One of the few teams who still have unsigned rookies from this year’s draft, Baltimore continued to chip away today, signing two of their three remaining unsigned players. Offensive tackle Daniel Faalele and cornerback Jalyn Armour-Davis signed their rookie contracts today with a little under two months to go until their first regular season commences.

Faalele is an Australia-native who moved to the states with no football experience. Faalele was discovered by recruiting staff at the University of Hawai’i while playing basketball and rugby. He had tremendous athleticism for someone his size and, after attending a Jim Harbaugh satellite camp, Faalele was recruited to learn the game of football at the prestigious IMG Academy in Bradenton, FL. IMG’s football team is notorious for taking five-star high school athletes from remote areas of the country and exposing them to some of the highest levels of high school football. After joining the football team in 2016, Faalele became a starter for IMG in 2017 and enrolled early at the University of Minnesota in 2018.

After beginning his freshman year as a backup, Faalele started the final eight games of the season, holding onto his starting job as a sophomore, as well. When Faalele announced he would sit out of the 2020 college football season due to the COVID-19 pandemic, many assumed he would declare for the draft. Instead, Faalele came back for his senior year and helped return the Golden Gophers to a winning season.

Faalele could potentially see a situation similar to his freshman year during his rookie season. Right now the Ravens are set to trot out Ronnie Stanley and Morgan Moses as their starting tackles. Moses is competing with Ja’Wuan James for the starting right tackle position currently. Moses and James both have plenty of starting experience, but Moses graded out as only the 40th best offensive tackle last season according to Pro Football Focus and James hasn’t played in an NFL game since the 2019 NFL season. Not to mention, Stanley is expected to start the season but has only played in one game since signing an historic contract back in 2020. Any number of situations could play out that see Faalele force his 6’9″, 400 lb. frame into the starting lineup.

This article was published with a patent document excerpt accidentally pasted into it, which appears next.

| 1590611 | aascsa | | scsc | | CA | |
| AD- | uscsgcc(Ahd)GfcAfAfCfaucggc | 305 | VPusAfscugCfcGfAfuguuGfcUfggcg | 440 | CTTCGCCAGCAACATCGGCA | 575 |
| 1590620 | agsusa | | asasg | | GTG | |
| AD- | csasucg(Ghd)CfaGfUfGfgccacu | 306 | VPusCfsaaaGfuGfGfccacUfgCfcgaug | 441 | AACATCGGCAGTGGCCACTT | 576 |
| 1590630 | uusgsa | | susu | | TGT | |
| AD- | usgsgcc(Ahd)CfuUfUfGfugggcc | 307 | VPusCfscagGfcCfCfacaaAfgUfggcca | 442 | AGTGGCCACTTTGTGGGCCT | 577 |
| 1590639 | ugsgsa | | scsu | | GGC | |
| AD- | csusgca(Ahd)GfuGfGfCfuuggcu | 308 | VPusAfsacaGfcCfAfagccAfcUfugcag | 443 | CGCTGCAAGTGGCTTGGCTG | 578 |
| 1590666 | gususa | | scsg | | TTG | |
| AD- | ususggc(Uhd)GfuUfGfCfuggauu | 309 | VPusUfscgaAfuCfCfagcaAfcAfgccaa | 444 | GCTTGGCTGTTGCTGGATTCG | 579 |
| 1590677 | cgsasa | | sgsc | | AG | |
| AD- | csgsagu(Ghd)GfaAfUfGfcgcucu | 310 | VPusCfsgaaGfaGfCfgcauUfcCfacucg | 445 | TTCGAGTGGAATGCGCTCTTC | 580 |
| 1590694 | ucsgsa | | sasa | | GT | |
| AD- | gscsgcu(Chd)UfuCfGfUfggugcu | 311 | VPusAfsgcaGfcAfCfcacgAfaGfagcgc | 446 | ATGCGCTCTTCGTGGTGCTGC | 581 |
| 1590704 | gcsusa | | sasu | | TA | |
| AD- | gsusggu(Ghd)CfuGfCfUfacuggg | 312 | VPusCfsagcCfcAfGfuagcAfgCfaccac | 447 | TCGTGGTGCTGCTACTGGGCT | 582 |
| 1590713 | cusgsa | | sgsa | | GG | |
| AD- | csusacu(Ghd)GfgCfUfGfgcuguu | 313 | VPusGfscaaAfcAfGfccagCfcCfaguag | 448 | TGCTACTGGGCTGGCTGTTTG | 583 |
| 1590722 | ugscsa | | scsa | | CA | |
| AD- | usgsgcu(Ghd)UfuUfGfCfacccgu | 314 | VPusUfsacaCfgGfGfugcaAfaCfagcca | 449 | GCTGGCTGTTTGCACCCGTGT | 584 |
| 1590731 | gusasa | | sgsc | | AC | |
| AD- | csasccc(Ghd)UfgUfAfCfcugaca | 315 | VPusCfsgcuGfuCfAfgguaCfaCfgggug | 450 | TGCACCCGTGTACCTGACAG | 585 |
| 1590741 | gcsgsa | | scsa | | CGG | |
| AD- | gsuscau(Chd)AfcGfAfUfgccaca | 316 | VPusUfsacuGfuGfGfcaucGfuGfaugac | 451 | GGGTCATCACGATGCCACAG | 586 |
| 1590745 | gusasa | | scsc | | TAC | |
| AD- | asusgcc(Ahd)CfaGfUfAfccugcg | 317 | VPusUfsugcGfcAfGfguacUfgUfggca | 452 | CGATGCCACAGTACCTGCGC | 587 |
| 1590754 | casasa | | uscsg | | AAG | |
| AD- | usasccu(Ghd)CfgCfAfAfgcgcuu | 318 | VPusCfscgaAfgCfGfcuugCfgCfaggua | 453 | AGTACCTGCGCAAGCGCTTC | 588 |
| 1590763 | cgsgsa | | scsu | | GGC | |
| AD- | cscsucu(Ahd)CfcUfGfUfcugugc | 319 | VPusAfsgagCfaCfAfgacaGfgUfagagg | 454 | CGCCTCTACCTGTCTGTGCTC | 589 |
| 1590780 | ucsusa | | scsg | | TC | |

Armour-Davis had extremely limited playing time during his first three years at Alabama, spending his freshman season taking a medical redshirt and the next two seasons as a special teamer. As a redshirt junior, Armour-Davis was named a starting cornerback and led the team with three interceptions on the year, adding four passes defensed and not allowing a single touchdown. He played mostly on the outside but has the scheme versatility to fit in with any system.

Baltimore’s secondary is one of the most-talented in the NFL but a lack of depth bit the team hard in 2021 when starting cornerbacks Marcus Peters and Marlon Humphrey both suffered season-ending injuries. With the departures of Tavon Young and Anthony Averett, Armous-Davis immediately slots in as the team’s No. 3 or 4 cornerback behind Peters, Humphrey, and, possibly, free agent addition Kyle Fuller. Armous-Davis’ playing will likely come on resting downs for Peters or Humphrey. Due to the team’s enviable depth at safety, a nickel- or dime-package might feature three or four safeties, unless Fuller can cement himself as a slot-cornerback.

With Faalele and Armous-Davis now under contract, Michigan second-round pick David Ojabo remains as Baltimore’s only unsigned rookie. Ojabo announced an early departure from Ann Arbor after one year of starting opposite the second-overall pick of the 2022 NFL Draft, Aidan Hutchinson. Considered by most to be a first-round talent, Ojabo slipped into the second round after tearing his Achilles tendon while working out for scouts at the Wolverines’ Pro Day.

Ravens Eyeing Ja’Wuan James As Ronnie Stanley Insurance

Ronnie Stanley has played one game since an October 2020 ankle injury sidetracked his career, suiting up for the Ravens’ opener last season but missing the rest of the 2021 campaign due to more ankle trouble. The Ravens are hoping their highest-paid offensive lineman returns to start this season, but after Stanley said he was rushed back in 2021, the team is proceeding cautiously.

The former top-10 pick has undergone three ankle surgeries since the initial injury, and he is coming off a 68-snap season. The Ravens’ backup plan, however, looks to be a player who has dealt with worse injury trouble. If Stanley is not ready to return to start this season, Ja’Wuan James is the favorite to be Baltimore’s left tackle starter, Jeff Zrebiec of The Athletic notes (subscription required).

James, 30, has Stanley beat for unavailability. Making their biggest attempt to address a long-troublesome right tackle position, the Broncos gave James a four-year, $51MM deal in 2019. James played all of 63 snaps in Denver, suffering a knee injury in Week 1 of the 2019 season. That malady kept James out most of that year. After the ex-Dolphins first-rounder opted out in 2020, an offsite Achilles tear last May led him out of Denver. The Ravens signed James shortly after the Broncos cut him, giving him a two-year deal for stashing purposes. The team will be expecting a return on investment in Year 2 of this deal.